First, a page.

India Travel Blog

Delhi

If you’re flying into India from outside the country we recommend that your first stop should be Delhi as it is from here you can get your best perspective and understand of the nature of modern India. Delhi is where the British left their indelible mark on the country. We won’t give you a history or geography lesson here; you can get that information by Googling Delhi, however just a short observation.

Delhi is portrayed as Old Delhi and New Delhi, which is a shame as the distinction causes confusion. Delhi (Old ) is a state , which contains the parliamentary capital New Delhi. The population is estimated as 18 million, although how anyone could get this seething population to stop long enough to count is difficult to imagine.
The size, colour, movement and poverty leaves a daunting first impression that disguises what the real Delhi has to offer. To Delhi natives, what a Westerner might view as squalor is accepted as a way of life here – Indians do not feel sorry for their existence! As with all travel in India if you treat the people with respect, they will generally be friendly and proud to show you their country – from the manager of a five star hotel, to a humble rickshaw wallah.

Red Fort Delhi

Red Fort Delhi

One day trip we believe you WILL find interesting is to the Red Fort and Chandni Chowk markets area…and here’s how to do it. Firstly, we suggest you go early in the week, because Friday is the Muslim holy day and things get very crowded, and weekends are also busy – although when is Delhi not busy!

Before you set out from your accommodation, put their business card in your pocket, so that is you get lost, you know where ‘home’ is. If you’re travelling with a hired driver (or taxi) ask them to take you to the Red Fort. There is a parking area in front and the driver will wait for you there. Ask the driver to call you a rickshaw and to tell him (it’s best that it requested by a local) that you want to spend half a day travelling through the Candni Chowk market region. Each rickshaw will carry two people. If there are more than that in your travel party, hire the number you need and they will travel in convoy – and each one has a mobile phone – EVERYONE has a mobile in India! This market enclave is a series of lanes and alleys , each of which is dedicated to a particular commodity or activity – flower markets, spices, silver ware, textiles etc. A bit of reading before you go may stimulate a particular interest, but if you have no particular requirements, you’ll find the journey fascinating. You may find it distasteful to employ a human to be a draft animal, but these rickshaw wallahs continue a respected tradition of service, and remember, if they are not employed to transport you, they do not have a job. Expect to pay around 100 Rupee for the morning and it is expected that you will haggle over the price, but remember 100 rupees is about $A2, so don’t bargain too hard. Respect dictates that you will also tip about the same amount at the end of their service (* $2 is that coin you wouldn’t blink about if you vacuumed up from the back of your lounge suite!)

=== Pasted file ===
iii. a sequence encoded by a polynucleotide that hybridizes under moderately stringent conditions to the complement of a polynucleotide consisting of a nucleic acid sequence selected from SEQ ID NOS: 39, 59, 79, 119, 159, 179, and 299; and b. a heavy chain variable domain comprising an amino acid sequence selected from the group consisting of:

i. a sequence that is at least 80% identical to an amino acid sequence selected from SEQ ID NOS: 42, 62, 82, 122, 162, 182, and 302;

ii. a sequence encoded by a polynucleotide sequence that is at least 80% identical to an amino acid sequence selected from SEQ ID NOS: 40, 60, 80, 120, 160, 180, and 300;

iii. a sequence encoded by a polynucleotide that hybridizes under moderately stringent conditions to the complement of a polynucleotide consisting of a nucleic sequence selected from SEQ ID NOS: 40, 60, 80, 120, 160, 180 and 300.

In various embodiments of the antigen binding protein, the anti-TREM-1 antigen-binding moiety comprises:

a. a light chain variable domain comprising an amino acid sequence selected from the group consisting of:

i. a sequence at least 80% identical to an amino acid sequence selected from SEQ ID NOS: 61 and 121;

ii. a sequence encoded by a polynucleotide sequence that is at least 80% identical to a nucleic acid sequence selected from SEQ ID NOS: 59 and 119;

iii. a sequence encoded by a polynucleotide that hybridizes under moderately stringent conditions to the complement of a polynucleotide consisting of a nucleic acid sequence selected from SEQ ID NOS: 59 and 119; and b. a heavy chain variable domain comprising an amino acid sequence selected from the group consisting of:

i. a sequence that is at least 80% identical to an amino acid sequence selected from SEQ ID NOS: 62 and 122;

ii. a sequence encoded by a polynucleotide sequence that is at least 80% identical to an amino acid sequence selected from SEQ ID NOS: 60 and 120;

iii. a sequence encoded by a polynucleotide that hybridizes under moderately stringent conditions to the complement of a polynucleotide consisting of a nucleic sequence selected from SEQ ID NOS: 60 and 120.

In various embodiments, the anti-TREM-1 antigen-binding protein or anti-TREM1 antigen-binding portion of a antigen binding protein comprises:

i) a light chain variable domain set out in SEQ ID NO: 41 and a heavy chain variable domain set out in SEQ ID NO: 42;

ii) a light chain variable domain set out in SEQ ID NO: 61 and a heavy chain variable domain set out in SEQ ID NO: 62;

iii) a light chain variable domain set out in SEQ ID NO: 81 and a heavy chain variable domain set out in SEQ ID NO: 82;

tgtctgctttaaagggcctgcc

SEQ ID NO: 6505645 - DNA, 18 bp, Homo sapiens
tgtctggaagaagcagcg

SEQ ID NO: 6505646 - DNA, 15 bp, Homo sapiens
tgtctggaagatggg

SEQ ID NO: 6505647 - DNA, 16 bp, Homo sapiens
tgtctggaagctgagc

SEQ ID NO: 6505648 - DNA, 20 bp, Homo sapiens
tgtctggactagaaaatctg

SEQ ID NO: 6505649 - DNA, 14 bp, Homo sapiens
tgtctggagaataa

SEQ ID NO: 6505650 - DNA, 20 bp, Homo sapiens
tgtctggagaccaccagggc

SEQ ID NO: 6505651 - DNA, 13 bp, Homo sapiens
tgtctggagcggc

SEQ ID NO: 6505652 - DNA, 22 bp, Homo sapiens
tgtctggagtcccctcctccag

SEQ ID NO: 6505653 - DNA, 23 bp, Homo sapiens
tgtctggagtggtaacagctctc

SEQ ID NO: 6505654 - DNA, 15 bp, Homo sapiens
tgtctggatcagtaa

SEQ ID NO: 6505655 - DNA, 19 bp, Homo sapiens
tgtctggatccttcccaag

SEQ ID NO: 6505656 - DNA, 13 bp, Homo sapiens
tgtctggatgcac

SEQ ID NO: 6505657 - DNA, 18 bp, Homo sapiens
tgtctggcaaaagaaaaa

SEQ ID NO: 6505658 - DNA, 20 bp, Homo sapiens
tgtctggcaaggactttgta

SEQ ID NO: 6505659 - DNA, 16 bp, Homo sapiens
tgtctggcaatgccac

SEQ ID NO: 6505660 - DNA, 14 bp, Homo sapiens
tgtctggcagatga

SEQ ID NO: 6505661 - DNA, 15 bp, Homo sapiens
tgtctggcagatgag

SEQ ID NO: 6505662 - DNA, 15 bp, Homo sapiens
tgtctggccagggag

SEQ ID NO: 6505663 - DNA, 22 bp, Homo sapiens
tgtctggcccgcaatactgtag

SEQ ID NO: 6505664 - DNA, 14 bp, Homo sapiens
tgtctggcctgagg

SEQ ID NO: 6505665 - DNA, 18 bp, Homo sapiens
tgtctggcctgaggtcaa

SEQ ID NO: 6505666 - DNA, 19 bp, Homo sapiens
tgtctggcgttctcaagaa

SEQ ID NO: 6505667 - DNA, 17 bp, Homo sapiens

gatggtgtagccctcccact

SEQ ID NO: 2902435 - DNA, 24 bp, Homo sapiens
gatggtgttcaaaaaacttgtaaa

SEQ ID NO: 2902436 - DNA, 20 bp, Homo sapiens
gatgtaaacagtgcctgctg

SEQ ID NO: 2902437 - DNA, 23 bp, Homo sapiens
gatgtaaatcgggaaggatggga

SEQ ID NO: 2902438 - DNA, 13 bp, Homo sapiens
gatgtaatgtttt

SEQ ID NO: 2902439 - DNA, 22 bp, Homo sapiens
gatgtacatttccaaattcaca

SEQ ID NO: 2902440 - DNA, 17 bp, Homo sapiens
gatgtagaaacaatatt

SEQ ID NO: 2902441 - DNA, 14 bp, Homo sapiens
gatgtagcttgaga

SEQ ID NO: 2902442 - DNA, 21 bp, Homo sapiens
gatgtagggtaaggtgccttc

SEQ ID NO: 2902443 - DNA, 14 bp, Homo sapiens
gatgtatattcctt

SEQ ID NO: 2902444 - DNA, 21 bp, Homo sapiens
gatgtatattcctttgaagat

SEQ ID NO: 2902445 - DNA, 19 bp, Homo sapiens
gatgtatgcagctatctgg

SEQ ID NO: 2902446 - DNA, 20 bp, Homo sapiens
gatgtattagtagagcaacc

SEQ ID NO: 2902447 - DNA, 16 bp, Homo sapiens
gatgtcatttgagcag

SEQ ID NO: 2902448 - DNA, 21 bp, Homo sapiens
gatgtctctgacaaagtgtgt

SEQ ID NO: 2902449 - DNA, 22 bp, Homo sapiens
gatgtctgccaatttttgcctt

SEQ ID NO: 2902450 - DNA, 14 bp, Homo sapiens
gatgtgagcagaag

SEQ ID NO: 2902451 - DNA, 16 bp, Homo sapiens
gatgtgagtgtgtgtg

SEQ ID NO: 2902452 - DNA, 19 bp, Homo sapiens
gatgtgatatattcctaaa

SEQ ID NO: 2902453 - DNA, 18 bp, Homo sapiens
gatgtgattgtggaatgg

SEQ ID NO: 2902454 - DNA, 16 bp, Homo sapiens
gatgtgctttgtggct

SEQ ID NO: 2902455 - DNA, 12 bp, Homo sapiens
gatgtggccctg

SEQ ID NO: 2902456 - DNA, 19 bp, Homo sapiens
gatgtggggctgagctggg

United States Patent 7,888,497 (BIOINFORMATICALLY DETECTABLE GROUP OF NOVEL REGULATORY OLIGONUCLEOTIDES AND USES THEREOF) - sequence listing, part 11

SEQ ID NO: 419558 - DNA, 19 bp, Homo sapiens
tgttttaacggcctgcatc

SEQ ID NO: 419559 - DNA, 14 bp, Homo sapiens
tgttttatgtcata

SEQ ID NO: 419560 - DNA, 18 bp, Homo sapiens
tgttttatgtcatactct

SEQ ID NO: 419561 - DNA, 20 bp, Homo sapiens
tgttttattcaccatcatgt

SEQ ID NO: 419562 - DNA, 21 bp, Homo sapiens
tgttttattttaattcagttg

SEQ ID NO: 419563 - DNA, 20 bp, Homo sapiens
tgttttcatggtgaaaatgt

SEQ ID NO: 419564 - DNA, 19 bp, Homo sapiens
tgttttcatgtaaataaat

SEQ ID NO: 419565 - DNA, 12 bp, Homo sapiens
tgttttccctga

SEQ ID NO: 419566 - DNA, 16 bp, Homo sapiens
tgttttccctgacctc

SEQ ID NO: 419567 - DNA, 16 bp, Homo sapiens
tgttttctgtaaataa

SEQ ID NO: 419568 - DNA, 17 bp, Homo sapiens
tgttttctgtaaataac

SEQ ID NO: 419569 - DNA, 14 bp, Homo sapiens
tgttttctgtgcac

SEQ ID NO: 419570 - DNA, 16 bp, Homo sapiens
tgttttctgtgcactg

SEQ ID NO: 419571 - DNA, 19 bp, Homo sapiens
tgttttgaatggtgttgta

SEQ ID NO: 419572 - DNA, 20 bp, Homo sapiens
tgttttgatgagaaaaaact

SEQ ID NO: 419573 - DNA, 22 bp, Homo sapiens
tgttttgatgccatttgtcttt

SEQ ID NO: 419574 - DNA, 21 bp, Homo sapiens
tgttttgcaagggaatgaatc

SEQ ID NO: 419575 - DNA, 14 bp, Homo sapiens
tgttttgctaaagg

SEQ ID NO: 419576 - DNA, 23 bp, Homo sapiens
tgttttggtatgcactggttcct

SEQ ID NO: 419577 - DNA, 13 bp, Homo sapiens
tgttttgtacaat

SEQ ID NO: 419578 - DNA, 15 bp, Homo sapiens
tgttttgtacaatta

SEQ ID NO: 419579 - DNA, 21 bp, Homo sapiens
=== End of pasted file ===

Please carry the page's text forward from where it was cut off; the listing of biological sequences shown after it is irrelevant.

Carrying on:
Chandni Chowk